Test engineers have used open standard interfaces since 1975, when the IEEE approved IEEE 488, commonly known as GPIB. Since then, a spectrum of test-automation standards has appeared. These standards specify interface buses, modular formats, command languages, and software components. The breadth of choices makes the task of integrating instruments that use these different formats appear daunting. Fortunately, you can work through the challenges to develop automated test systems with improved throughput, measurement quality, and data analysis. This article on Test & Measurement World, explains how to use these standards to integrate modular and traditional instruments into a single test system, focusing on the controller interfaces and software required.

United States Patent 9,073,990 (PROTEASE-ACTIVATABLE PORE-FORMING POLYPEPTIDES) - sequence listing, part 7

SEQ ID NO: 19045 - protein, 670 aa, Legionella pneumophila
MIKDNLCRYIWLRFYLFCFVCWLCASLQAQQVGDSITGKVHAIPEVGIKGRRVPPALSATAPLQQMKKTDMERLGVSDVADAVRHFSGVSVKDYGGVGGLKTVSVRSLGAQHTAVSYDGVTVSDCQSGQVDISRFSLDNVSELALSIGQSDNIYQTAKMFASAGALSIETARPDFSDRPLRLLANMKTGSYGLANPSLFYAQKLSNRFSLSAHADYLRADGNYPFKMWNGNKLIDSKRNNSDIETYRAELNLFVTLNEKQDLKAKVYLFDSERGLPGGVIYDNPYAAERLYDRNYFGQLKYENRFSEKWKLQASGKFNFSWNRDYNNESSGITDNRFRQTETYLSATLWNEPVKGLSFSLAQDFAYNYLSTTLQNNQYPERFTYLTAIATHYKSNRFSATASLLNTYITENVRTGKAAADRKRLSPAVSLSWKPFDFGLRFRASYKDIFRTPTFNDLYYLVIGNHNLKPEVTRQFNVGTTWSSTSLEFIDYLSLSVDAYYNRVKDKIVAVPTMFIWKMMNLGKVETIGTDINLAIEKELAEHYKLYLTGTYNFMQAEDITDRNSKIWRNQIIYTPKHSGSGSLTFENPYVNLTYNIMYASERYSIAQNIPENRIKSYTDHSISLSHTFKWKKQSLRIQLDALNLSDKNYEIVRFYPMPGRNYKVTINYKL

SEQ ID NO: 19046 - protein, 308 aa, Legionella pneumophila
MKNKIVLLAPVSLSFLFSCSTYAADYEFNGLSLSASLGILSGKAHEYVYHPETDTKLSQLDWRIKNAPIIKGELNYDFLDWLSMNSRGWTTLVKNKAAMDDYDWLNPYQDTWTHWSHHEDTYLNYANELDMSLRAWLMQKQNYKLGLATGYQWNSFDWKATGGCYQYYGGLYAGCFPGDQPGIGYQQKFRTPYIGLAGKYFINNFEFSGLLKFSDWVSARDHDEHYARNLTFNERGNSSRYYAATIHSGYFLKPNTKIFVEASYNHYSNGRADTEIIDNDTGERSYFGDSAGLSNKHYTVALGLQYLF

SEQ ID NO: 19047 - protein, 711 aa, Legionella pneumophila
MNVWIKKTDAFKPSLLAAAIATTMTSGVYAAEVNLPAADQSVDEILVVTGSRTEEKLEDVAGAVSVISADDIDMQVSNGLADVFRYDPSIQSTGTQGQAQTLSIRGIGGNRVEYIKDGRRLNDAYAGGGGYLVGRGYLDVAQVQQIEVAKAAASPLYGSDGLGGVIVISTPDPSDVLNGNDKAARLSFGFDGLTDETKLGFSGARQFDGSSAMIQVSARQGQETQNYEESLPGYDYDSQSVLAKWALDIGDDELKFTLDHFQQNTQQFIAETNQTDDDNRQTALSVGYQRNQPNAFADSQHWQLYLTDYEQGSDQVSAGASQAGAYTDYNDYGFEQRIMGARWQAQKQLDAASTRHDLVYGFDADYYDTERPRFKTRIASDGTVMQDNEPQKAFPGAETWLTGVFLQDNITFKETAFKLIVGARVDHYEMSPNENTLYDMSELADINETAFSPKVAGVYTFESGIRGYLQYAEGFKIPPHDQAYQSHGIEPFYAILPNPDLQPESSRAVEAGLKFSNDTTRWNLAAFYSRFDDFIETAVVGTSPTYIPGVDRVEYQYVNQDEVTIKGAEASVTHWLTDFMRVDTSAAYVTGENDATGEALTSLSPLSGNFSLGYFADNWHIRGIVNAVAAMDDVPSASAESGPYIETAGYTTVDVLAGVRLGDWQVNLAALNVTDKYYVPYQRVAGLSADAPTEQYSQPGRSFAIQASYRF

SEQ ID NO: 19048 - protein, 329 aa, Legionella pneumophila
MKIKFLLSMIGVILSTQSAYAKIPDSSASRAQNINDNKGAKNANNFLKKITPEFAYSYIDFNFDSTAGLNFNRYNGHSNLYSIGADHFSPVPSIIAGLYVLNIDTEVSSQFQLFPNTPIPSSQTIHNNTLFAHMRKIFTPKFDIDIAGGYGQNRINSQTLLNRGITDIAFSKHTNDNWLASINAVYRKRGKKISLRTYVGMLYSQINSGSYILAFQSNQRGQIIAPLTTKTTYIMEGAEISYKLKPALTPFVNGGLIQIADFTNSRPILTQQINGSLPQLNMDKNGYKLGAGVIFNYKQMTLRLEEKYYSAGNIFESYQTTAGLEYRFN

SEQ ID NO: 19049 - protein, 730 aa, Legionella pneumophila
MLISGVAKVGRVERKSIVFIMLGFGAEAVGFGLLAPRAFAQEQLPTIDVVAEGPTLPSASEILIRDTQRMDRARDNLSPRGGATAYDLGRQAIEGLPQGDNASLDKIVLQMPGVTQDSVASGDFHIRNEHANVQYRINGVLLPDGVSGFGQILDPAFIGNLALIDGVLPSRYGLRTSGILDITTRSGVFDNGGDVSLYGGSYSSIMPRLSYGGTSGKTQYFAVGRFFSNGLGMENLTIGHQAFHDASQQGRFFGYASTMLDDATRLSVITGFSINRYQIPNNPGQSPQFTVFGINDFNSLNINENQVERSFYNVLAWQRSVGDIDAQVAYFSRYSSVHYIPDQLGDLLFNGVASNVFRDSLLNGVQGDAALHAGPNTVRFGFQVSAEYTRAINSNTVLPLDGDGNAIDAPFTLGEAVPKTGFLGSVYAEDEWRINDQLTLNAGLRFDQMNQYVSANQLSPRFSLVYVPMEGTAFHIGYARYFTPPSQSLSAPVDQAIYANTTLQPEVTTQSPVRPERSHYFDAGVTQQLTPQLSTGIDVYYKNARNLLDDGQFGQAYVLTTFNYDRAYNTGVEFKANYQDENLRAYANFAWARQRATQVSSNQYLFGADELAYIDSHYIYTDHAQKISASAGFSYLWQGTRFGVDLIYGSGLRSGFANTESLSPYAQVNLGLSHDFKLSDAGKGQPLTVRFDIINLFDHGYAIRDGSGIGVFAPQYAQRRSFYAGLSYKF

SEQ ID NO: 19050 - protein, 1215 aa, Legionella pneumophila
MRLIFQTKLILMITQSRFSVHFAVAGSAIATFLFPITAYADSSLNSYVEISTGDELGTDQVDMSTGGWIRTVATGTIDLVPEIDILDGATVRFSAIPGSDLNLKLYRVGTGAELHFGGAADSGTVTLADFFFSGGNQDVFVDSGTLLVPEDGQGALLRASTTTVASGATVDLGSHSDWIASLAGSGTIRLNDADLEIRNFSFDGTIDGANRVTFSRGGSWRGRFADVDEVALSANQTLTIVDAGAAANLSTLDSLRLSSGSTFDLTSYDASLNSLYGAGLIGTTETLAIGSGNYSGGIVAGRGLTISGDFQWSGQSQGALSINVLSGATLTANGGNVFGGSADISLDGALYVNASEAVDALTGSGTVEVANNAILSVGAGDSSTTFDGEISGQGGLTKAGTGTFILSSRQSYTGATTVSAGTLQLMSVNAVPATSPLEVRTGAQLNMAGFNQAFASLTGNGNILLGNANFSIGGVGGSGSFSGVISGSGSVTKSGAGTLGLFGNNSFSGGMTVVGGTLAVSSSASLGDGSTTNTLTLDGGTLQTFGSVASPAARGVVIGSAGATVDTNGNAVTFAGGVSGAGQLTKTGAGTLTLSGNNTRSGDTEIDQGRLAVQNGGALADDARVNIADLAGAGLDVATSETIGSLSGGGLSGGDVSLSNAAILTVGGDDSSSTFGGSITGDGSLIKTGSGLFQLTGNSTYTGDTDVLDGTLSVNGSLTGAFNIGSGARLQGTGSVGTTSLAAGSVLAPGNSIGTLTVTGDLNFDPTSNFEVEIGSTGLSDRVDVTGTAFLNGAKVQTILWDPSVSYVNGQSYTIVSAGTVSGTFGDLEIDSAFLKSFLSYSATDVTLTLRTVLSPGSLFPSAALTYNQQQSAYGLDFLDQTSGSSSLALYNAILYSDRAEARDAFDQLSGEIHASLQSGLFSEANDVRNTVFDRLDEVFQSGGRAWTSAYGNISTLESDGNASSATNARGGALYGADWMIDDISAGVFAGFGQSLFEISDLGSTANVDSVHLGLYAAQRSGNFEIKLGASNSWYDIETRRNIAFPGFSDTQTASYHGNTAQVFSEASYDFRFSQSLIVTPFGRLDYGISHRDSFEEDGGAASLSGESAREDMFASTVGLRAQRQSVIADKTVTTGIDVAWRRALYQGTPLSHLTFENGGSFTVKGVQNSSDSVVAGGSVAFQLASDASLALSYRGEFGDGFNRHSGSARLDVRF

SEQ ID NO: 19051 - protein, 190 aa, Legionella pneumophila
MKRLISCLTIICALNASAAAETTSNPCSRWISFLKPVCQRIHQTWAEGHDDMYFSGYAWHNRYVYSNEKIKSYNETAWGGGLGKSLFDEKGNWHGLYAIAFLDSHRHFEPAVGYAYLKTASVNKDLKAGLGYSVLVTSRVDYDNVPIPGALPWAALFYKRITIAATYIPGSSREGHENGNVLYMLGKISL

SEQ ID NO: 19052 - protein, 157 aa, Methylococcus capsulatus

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which covers topics such as LAN, PCIe as well as an example of integrating two traditional LXI instruments with a PCIe-based modular chassis in hybrid test system.
Figure: Two LAN connections are typically needed in a hybrid test system. One controls the test instruments, while another communicates with the enterprise network. Interface cards create a Cabled PCIe connection to the modular chassis.
The article concludes that good instrument system design can allow a user to deploy the combination of traditional and modular instruments that best suits an application.